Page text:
The podcast is a good ten-episode summary focusing more on just Weinstein and how the women he assaulted took brave stances to take him down, in addition to the last episode with Rose McGowan made after the verdict of Weinstein.
I would probably listen to anything Alex Cox puts out tbh, but their partner Mattie Cox is so amazing in sharing his story transitioning from female to male in this podcast, taking the listener with them on every step of the way and being so vulnerable. It seems to be both a podcast to process and document this time of their life as well as explain and teach anyone who wants to listen.
Their own pitch is “Welcome to Two Headed Girl, a new show about gender, mental illness, and all sorts of transitions made by a couple of married queers trying to figure themselves out.” which sums it up pretty pretty good.
I found this podcast, while actually already knowing about Jon Lovett before, because I was trying to find more interviews with Ronan Farrow and he happened to have made a rare recent podcast with his partner Jon Lovett because of being in quarantine together. But it’s news-related, trying to bring it with some humor where possible. These corona/Black Lives Matter days it’s more interviews and segments, with jokes in between, which is a great mix if sometimes news-related things are too much.
Eight episodes in total of 1990’s rock music or more specifically how and if the CIA was involved in writing the famous “Wind of Change” by the Scorpions, the soundtrack of the revolution aka Berlin Wall falling and the Soviet Union collapsing. Really, it’s a podcast about how the CIA operates, how propaganda works and how far a journalist is willing to go to figure out if a rumor from a credible enough source is true.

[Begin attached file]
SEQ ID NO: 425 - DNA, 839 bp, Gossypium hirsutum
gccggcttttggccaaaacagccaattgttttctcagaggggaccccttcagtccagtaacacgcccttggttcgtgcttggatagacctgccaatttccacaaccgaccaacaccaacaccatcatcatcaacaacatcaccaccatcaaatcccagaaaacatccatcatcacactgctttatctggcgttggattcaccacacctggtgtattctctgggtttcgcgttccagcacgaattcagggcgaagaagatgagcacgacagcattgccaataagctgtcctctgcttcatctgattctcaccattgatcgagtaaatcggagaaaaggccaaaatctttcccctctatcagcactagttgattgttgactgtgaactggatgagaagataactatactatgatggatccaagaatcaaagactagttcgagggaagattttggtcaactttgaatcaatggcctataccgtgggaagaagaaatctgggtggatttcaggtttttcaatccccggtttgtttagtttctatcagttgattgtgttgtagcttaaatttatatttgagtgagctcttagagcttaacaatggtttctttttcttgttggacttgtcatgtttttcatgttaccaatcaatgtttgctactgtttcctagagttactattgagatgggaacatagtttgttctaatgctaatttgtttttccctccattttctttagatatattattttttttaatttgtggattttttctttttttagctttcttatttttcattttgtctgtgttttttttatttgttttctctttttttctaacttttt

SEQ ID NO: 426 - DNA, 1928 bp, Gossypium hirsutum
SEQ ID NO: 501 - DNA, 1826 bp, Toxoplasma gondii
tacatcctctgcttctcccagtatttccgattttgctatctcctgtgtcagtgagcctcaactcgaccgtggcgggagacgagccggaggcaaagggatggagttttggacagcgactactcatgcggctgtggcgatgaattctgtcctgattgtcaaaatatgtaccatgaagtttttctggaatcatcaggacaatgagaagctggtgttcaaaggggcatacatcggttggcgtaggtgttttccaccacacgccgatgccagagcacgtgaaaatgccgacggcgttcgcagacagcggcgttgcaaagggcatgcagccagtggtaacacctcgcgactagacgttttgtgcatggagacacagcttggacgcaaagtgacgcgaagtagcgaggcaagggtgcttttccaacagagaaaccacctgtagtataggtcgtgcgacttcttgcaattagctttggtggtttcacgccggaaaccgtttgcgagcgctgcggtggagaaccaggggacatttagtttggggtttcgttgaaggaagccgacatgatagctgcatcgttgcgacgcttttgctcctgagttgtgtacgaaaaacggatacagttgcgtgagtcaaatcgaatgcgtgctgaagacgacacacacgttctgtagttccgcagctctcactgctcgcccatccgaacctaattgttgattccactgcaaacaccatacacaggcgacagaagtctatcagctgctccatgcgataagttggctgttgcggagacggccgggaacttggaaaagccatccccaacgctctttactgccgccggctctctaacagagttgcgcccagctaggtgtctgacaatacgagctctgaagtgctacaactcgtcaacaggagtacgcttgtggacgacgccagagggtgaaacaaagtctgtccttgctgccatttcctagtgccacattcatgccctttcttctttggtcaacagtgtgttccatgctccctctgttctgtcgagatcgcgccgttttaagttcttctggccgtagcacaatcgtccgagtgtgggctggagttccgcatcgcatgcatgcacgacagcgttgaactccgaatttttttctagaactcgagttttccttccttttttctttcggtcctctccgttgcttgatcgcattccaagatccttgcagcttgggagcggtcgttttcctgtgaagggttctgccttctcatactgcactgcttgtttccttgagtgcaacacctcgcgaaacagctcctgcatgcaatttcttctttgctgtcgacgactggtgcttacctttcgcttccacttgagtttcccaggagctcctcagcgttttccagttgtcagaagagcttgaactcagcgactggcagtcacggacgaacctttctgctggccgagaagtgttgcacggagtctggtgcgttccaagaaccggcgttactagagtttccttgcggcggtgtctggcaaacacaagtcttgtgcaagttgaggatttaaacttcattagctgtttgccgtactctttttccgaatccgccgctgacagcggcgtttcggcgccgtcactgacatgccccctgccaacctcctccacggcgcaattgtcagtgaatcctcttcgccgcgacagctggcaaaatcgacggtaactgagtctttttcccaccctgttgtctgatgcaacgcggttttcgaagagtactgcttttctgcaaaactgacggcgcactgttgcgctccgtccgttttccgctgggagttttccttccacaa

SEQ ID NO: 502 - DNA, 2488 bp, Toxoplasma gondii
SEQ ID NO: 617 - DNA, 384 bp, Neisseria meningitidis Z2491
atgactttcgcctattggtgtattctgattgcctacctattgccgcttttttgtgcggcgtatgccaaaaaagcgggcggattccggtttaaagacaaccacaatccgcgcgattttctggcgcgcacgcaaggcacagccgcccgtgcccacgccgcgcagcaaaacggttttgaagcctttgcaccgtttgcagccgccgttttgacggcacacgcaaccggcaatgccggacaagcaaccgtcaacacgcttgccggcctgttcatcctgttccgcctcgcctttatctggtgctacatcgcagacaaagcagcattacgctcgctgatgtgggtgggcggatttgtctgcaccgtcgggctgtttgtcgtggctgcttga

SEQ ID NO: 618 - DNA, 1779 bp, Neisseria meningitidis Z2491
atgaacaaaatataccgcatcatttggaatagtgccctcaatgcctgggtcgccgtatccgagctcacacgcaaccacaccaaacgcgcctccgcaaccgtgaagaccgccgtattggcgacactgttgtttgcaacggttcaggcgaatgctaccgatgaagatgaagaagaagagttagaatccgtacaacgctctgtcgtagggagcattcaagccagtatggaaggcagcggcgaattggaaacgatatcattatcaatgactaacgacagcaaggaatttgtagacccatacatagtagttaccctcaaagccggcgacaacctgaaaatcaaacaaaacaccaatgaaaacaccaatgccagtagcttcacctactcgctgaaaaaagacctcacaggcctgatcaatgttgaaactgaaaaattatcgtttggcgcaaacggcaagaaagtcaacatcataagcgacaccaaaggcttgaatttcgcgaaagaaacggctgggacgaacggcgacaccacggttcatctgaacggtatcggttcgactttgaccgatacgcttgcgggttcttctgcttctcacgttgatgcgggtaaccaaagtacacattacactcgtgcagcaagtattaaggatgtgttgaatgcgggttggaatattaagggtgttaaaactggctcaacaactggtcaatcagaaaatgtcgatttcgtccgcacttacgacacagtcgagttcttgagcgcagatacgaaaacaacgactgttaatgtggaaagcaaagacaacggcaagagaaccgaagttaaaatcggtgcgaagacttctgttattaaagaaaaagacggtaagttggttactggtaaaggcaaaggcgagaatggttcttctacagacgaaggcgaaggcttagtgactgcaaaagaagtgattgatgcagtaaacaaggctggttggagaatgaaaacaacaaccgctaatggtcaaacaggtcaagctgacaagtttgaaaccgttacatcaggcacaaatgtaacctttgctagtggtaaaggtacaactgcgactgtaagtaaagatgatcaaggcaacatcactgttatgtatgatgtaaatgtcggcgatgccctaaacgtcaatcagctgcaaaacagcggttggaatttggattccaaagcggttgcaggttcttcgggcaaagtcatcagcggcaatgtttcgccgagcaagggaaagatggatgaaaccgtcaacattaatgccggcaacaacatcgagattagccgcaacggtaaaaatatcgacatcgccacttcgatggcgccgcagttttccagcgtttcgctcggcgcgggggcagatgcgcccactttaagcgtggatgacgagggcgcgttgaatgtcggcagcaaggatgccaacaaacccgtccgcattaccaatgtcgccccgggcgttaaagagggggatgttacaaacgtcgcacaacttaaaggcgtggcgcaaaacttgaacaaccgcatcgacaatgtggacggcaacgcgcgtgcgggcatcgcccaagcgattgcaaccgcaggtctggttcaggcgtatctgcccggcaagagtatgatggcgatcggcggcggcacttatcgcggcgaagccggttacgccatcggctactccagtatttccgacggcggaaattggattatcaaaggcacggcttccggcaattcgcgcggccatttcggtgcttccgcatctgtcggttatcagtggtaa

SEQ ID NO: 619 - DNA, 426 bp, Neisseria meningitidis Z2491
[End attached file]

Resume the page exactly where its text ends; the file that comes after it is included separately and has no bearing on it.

by the Reply All team Alex Goldman (horror fan) trying to convert PJ Vogt (scaredy cat) for Gimlet Media. I don’t know how I found podcasts pre-university because apparently I found a lot, but since then I’ve basically just become aware as existing podcasters I listen to have started new ones.
It’s basically an experiment of ‘can you gradually get used to horror movies so you’re not as afraid of the really scary ones anymore’. I’ve listened to the five episodes so far without watching any of the horror movies, and the only one I truly wanted to watch out of them was Midsommar, but I have definitely brought horror podcasts and stories into my life in a bigger way, so maybe it actually worked anyway?? I’m confused about that, but it’s great. Also fun to listen to PJ Vogt actually being really scared, sorry for laughing about that, I would be too.
by Jonathan Sims and Alexander J. Newall from Rusty Quill
There’s a 173 episode back catalogue as of right now, but after a few days I’m 35 episodes in and hooked. It’s a horror podcast with a huge fanbase (and soo much good fanart). As far as I’ve figured, it starts out really episodic with different people coming into the magnus archive to tell about their supernatural experiences and get them investigated, and then the archive itself is attacked and it gradually becomes more of meta storytelling. Would recommend it even if you’re not such a big horror fan, like me. The stories themselves (at least at the start) are not that horrifying, but the storytelling is just amazing.
This is basically me doing two reviews in one, with an intro.
Do you every just realize that you don’t know enough about a group of people’s situation? That’s me after bipolar disorder is a thing that has popped up with a question mark among multiple friends more recently. It makes sense; there’s a lot that will show first signs of bipolar in their early twenties, I’ve started at university where people are under a lot of stress, people are separated from their families and more open because they need support. There’s a whole list of causes.
Read a webmd page on what bipolar is on your own, I’m not going to oversimplify it and then obviously get it wrong. I think An Unquiet Mind’s description of it and constantly using manic-depressive instead makes more sense for people unfamiliar, if not for the actual researchers.
I think I knew more about bipolar than most going into this tiny project, but that’s just because the bar is low. I love this podcast especially by sickboy, called My little blue devil and I where a girl Siobhan talks very openly and with humor about her experiences living with bipolar type 2.